At a U.S. House Judiciary Committee meeting this week, freshman U.S. Rep. Debbie Mucarsel-Powell, D-Fla., insisted that white nationalism “could target a large portion of South Florida’s population.”
In a hearing on “Hate Crimes and the Rise of White Nationalism,” Mucarsel-Powell asked Eileen Hershenov from the Anti Defamation League (ADL) on the matter.
“Thank you and just to reiterate as we close this hearing today, I think it is important too for all of us to remember why we are here. And we are here to deal with the rise of white nationalism, to deal with the rise of violent hateful crimes. And I truly respect Dr. Abu-Salha for coming here and honor your children from that hateful incident back in 2015. Ms. Eileen Hershenov, can you just describe very briefly so that everybody understands in the simplest form: what is white nationalism?” Mucarsel-Powell asked.
“White nationalism is one of the many euphemisms for white supremacy,” said Hershenov. “The core ideology of white supremacy now – used to be before the civil rights movement to be to keep the dominance of the white race. Now, it is fear of the imminent genocide of the white race by a flood of non-whites and other people whom they consider degenerates which they say the flood is orchestrated by Jews as parasitic puppeteers.”
“You know, I’m an immigrant from Ecuador. Would white nationalists perceive me as a threat?” the congresswoman asked.
“As an immigrant, as a Latina, yes, that is the dominant ideology,” Hershenov answered.
“And my husband is Jewish. Would he be perceived as a threat?” asked Mucarsel-Powell.
“He would be perceived as some omnipotent, parasitic force loyal only to his own race. And a threat to the white race,” Hershenov said.
“And my children who were born in this incredible nation, but whose parents are a mix of Latino and Jewish, would they be perceived as a threat?” the congresswoman asked.
“Yes, what they consider miscegenation, whether that is African American and white or something else, they would be. And as having parents, both of whom are from communities that they demean and dehumanize, yes they would,” Hershenov said.
“And have you heard of the group the Proud Boys?” Mucarsel-Powell asked.
“Yes,” said Hershenov.
“Okay,” said Mucarsel-Powell. “I was a victim of an act of hate from the Proud Boys a few months ago. I was visiting the office of one of my now colleagues, Representative Donna Shalala, in Miami. The chairman of the Miami Republican party, along with the Proud Boys, organized a hate rally where we had to be placed in lockdown because they were banging at the doors screaming profanities that I can’t repeat in public, and we had to call the law enforcement officers. We had to wait there for a few hours. It was definitely a very threatening and fearful experience for me, and one of the first times that I actually experienced it firsthand what we’re dealing with in this country. Thankfully nothing happened to any of us, thankfully law enforcement came right away. What do you think the consequence should be to these types of groups?”
“I think that the laws, the kind of tracking, and the laws on the book, as Dr. Abu-Salha said, need to be enhanced. There are a number of different things, Ms. Clarke has talked about education, and I know there’s federal legislation to enhance hate crime laws. A lot of crimes are state laws and a lot of this starts online with real life consequences and no state has an anti-doxing law, very few have anti-stalking or anti-swatting. So we need hate crime online and enhanced hate crime laws,” Hershenov said.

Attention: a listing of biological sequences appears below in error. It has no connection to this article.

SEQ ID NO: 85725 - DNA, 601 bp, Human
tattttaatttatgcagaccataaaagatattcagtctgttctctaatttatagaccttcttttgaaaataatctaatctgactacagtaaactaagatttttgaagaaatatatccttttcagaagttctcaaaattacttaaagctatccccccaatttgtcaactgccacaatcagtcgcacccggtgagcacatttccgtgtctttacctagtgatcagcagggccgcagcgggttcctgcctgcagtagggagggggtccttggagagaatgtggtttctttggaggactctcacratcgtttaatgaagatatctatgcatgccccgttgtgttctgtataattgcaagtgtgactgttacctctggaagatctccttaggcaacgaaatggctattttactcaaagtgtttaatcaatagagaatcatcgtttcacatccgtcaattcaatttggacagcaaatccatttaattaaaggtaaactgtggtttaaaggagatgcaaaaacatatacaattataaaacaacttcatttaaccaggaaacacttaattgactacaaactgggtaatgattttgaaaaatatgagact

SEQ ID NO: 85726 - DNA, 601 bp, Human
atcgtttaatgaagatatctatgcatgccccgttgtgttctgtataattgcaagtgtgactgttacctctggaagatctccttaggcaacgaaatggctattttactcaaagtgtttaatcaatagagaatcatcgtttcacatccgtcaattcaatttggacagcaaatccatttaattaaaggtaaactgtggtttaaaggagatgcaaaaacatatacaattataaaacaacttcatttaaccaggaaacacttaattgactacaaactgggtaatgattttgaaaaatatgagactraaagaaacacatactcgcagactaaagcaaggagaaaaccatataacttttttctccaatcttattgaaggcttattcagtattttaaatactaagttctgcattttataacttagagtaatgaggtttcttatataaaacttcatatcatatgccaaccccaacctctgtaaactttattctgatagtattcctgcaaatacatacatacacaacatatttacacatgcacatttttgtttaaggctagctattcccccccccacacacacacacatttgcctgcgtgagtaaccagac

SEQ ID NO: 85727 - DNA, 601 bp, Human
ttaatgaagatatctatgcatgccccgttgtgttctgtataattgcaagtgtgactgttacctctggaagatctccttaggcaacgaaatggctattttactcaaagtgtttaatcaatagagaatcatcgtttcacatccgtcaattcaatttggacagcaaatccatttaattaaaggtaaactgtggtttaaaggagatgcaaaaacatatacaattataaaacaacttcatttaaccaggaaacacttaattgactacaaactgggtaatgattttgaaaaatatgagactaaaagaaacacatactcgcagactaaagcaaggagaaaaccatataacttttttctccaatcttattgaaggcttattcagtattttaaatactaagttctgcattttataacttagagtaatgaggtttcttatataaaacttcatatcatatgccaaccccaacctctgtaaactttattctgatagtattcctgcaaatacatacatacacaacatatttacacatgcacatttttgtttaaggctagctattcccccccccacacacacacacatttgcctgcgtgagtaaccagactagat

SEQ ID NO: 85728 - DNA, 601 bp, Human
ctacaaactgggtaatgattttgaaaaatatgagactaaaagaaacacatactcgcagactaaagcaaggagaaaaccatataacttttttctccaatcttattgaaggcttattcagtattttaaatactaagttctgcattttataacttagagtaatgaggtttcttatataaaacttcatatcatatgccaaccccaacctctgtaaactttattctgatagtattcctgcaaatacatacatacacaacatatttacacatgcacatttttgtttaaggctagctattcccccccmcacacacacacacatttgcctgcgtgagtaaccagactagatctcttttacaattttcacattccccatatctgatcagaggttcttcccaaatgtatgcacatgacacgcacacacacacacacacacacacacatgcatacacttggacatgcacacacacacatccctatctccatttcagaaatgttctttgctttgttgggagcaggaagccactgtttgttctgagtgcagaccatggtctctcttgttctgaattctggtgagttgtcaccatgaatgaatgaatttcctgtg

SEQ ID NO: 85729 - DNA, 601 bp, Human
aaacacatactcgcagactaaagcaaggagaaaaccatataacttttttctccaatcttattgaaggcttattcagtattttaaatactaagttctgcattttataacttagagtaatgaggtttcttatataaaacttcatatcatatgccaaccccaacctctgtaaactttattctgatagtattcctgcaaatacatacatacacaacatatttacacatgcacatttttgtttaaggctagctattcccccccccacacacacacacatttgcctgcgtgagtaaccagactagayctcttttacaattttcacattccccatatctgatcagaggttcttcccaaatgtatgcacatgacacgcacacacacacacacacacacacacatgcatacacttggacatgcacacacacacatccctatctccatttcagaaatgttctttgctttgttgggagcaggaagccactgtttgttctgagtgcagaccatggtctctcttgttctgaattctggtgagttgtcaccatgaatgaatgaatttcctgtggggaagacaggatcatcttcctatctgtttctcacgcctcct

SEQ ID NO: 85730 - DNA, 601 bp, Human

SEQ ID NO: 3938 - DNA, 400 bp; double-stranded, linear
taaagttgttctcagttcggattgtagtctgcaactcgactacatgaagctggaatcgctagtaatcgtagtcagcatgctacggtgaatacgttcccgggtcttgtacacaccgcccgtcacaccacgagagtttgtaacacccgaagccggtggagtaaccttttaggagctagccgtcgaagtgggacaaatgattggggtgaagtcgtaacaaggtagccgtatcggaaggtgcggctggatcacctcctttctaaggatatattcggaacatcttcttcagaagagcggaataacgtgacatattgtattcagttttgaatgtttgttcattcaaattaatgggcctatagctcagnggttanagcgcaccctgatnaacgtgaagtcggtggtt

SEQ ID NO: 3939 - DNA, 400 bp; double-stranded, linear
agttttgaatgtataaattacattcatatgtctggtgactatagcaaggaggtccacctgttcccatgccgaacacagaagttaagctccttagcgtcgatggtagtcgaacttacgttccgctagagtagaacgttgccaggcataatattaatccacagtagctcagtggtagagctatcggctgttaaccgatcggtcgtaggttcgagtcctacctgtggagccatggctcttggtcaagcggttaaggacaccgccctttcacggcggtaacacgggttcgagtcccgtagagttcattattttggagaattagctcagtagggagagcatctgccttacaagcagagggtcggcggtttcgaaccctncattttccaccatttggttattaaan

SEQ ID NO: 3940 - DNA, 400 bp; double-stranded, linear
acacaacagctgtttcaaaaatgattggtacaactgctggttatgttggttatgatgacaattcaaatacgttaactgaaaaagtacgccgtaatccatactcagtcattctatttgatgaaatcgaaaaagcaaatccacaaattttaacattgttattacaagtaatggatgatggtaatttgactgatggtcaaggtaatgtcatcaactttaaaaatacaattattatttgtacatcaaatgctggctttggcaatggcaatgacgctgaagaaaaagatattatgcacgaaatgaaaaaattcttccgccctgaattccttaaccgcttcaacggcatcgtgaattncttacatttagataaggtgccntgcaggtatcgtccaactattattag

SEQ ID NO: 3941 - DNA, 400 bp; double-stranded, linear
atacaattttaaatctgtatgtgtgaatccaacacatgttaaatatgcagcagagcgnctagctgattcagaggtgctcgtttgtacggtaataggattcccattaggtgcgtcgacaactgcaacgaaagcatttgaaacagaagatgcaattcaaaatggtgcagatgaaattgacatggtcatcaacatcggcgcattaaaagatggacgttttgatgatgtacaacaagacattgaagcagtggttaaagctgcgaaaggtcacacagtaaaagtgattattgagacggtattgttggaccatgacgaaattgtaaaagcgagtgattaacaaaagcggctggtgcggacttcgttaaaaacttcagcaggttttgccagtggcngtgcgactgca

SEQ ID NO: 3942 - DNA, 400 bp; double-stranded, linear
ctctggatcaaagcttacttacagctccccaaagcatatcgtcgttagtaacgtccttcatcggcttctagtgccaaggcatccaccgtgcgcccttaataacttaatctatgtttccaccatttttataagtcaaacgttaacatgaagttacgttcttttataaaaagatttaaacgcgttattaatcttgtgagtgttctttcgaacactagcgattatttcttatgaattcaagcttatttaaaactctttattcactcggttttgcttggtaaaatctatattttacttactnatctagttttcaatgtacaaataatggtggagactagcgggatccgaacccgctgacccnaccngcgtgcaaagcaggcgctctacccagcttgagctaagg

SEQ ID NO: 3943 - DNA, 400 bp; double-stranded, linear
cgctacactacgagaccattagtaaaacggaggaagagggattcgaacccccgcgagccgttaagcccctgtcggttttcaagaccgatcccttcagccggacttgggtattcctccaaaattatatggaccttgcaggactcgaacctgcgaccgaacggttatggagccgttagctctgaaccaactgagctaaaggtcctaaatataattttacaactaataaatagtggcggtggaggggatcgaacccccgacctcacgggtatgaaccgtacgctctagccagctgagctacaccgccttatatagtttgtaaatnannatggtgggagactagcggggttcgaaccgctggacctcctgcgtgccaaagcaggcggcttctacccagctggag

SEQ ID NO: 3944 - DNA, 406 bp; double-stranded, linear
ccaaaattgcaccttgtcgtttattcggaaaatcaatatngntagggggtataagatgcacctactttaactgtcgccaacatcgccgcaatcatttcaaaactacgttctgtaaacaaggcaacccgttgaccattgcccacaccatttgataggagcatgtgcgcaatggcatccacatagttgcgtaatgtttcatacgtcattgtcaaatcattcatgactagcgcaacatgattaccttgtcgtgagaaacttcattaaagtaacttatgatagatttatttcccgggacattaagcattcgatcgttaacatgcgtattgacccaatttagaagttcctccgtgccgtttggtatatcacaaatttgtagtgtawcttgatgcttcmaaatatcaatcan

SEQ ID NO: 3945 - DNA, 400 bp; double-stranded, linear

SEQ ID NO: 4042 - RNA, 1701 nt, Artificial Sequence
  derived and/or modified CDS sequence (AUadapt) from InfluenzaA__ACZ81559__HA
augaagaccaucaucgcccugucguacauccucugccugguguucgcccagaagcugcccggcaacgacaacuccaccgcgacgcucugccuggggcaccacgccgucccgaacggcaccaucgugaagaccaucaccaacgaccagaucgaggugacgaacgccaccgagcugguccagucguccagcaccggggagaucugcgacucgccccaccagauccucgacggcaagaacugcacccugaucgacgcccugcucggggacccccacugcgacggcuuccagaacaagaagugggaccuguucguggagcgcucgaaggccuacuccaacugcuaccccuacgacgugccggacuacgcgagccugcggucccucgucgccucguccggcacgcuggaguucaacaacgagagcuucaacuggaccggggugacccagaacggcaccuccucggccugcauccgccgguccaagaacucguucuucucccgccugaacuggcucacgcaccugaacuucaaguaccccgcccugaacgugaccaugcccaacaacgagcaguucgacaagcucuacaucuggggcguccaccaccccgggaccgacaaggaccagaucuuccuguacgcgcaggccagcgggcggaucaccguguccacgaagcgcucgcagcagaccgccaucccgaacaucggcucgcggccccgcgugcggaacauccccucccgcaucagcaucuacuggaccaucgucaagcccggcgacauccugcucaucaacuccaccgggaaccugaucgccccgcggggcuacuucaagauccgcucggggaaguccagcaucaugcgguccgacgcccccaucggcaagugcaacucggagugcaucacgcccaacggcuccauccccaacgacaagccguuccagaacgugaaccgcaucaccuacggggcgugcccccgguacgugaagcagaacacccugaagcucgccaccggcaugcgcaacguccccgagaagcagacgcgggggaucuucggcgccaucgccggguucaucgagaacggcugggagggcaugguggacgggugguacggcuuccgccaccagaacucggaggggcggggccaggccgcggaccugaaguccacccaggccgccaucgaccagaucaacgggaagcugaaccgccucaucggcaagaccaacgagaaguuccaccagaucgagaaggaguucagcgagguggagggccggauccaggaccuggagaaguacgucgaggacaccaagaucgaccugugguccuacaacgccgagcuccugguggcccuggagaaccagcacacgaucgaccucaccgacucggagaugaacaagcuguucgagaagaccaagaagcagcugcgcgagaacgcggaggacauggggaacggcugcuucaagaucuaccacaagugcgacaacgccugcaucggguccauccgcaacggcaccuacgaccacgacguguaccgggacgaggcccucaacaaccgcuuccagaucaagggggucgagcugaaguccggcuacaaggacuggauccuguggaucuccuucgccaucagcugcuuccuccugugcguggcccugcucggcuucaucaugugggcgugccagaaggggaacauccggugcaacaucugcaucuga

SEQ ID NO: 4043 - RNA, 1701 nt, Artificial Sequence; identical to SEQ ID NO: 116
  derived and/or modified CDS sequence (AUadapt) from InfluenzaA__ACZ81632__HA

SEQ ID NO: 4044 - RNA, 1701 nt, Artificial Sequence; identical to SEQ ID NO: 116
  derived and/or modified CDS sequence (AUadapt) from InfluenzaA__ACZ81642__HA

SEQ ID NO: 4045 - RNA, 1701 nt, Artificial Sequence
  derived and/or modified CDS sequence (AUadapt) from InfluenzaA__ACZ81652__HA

“I agree fully because I can tell you that it was through Facebook that they got this rally organized,” Mucarsel-Powell said. “And I can tell you also that I have done my research and there are still videos from the Proud Boys that are still trending online through various forms, one of them YouTube. So Ms. Clarke, just to finish off. Facebook has said that they remove white supremacist content as soon as they’re aware of it. From the [National Lawyers’ Committee for Civil Rights Under Law] experience, is that accurate?”
Kristen Clarke, the president and executive director of the National Lawyers’ Committee for Civil Rights Under Law, weighed in on white supremacy on social media.
“We’re very pleased that after many months Facebook abandoned this ill-conceived and flawed policy of giving white supremacist activity the okay, or banning white supremacist activity but giving white nationalist and white separatists’ activity the red light,” Clarke said. “I will say that for several months we’ve flagged pages like the Nationalist Agenda page on Facebook and It’s Okay to Be White. And these are pages that are still up today as this hearing is taking place. We realize that the hard work lies ahead as Facebook implements this policy. But no doubt, tech companies must step up if we’re going to ever combat the hate crime crisis today. Because online hate is so pervasive and wide spread.”
“Yes, and as Ms. Walden stated earlier she was concerned of aggressive oversight. I think we have to work together, as congressmembers, as heads of companies that are actually spreading this. I know it’s extremely difficult to control but we have to do better than this. Because we can’t allow this hateful rhetoric to spread. Thank you so much,” said Mucarsel-Powell.